The Most Interesting Man in the Room

Oct13 coverDoc Swan is truly a one-man variety show. He does magic, mentalism, and escapes. He performs a wide variety of sideshow stunts, including fire eating, glass-walking, Blockhead, the hand trap, and sword-swallowing. He does chapeaugraphy, hand shadows, stilt-walking, lariat-spinning, and plays the musical saw. Doc is also a painter, a former drummer in a rock band and traveling shows, and he even does balloon animals. He is also one of the funniest performers around. He has an original presentation for everything he does, presentations that have grown out of the character, or characters, he has become. But let’s go back to the beginning.

 

Jaime Swan was born in Philadelphia in the mid 1950s; he continues to make his home in the Philadelphia area. Doc makes particular note of the spelling of his name. His mother specifically spelled Jaime that way as a contraction of the French Je t’aime (I love you). He calls her the best mother in the world. She is still his biggest fan. His father was a professional painter who was very skilled in refinishing and painting boats. He had a special technique by which he was able to make metal look like wood. His grandfather was also a professional painter, so it was natural for Doc to take an interest in art. He showed a real aptitude for painting and everyone thought that would be his career path. As time went on, he also believed this would be his path, but painting within the entertainment industry and building props. He still has, and uses, his dad’s sign brushes.

But his dad gave him something even better. When Doc was three or four years old, his father showed him his first magic trick. It was the transposition of a dime from under one bottle cap to another. This really baffled him; it was a few years before his father told him how it worked.

Doc says growing up in a small town in New Jersey was great. His parents were both very supportive of whatever he and his older brother did. This became very important, because Doc’s path was far different from most. Like many kids, Doc got a magic kit for Christmas when he was eight. He remembers that it was an S.S. Adams set. He learned to do everything in the set, but he was a rather introverted and nonsocial kid, so he would only show the tricks to his parents. He got The Golden Book of Magic by Clayton Rawson and he made many of the props within it. He still didn’t want to perform for others, because he thought he couldn’t really fool anyone. He also got Dunninger’s Encyclopedia of Magic, but there wasn’t anything from that book that he could do. Bruce Elliott’s Classic Secrets of Magic was a far more important book for him, which he found at the local library.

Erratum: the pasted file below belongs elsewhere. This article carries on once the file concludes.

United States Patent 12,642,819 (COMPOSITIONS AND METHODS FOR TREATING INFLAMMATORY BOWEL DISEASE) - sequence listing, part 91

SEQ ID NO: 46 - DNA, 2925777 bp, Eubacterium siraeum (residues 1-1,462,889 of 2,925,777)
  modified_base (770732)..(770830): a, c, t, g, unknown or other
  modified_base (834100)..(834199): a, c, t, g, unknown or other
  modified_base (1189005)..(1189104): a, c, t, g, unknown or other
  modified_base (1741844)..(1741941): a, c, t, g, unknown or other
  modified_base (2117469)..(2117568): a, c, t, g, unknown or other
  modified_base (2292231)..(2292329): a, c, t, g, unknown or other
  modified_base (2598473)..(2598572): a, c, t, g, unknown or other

At the age of eleven, two important things happened that changed his life. In sixth grade, everyone had to take up a musical instrument. He chose the drums. All through school, Doc played in four-piece cover bands playing top-40 music; they played all of the school dances. By the time he was eighteen, he started playing in bars (for a short period of time, eighteen was the legal drinking age in New Jersey). During this time he played in a band called Arcus, who did original material as well as covers.

At this time, he also found a book someone had left in his house, Step Right Up by Dan Mannix. This was a book about life in a carnival sideshow and Doc devoured it. He says that it changed his life. I had also found this book and loved it. I found out from some friends who knew the author that he actually lived less than thirty minutes from where I live. They also told me that one of the characters in the book was based on Jack Chanin. Doc says he wished he could have talked to Mannix to tell him that he had written Doc’s biography five years before he was born.

Doc went to any circus that came anywhere near where he lived, but all he wanted to see was the sideshow. He would show up and help them set-up and strike the tents for nothing, just to be around the sideshow performers. This became his education. Doc says he learned ninety-nine percent of what he does on his own. He would watch and absorb what he could. He was most impressed by the fire-eater, so that is what he learned first, followed by learning to swallow swords. He already juggled and did magic. He learned to ride a unicycle and that’s how he delivered newspapers on his route. When he was thirteen, he saw a Girl to Gorilla in Atlantic City. He had read about Pepper’s Ghost in the Dunninger book, so he went home and built one in his basement. He used an old window from his house as the glass and the lights were from his train set, powered by 110 AC current.

The night he graduated from high school, he and his friends went to a fair. There was a help wanted sign posted that said “must be able to travel and drive a truck.” Doc took the job and joined the carnival the next day. He worked setting up, operating rides, tearing down, and driving to the next location. After two months the carnival played in the same town as another carnival that had two grind shows. These were “display” type attractions that had people going through continuously, as opposed to scheduled shows. He talked to the manager of the show and told him of his interests. That manager told him about a Ten-In- One Show that was playing fairly nearby. He made a beeline for that show, which was managed by Dick Johnson. Now this was a show exactly like Dan Mannix described and Doc wanted to join up. The only job available at that time was as a ticket seller,
so he took it.

Read the rest of Marc DeSouza’s M.U.M cover story about Doc Swan by Clicking HERE.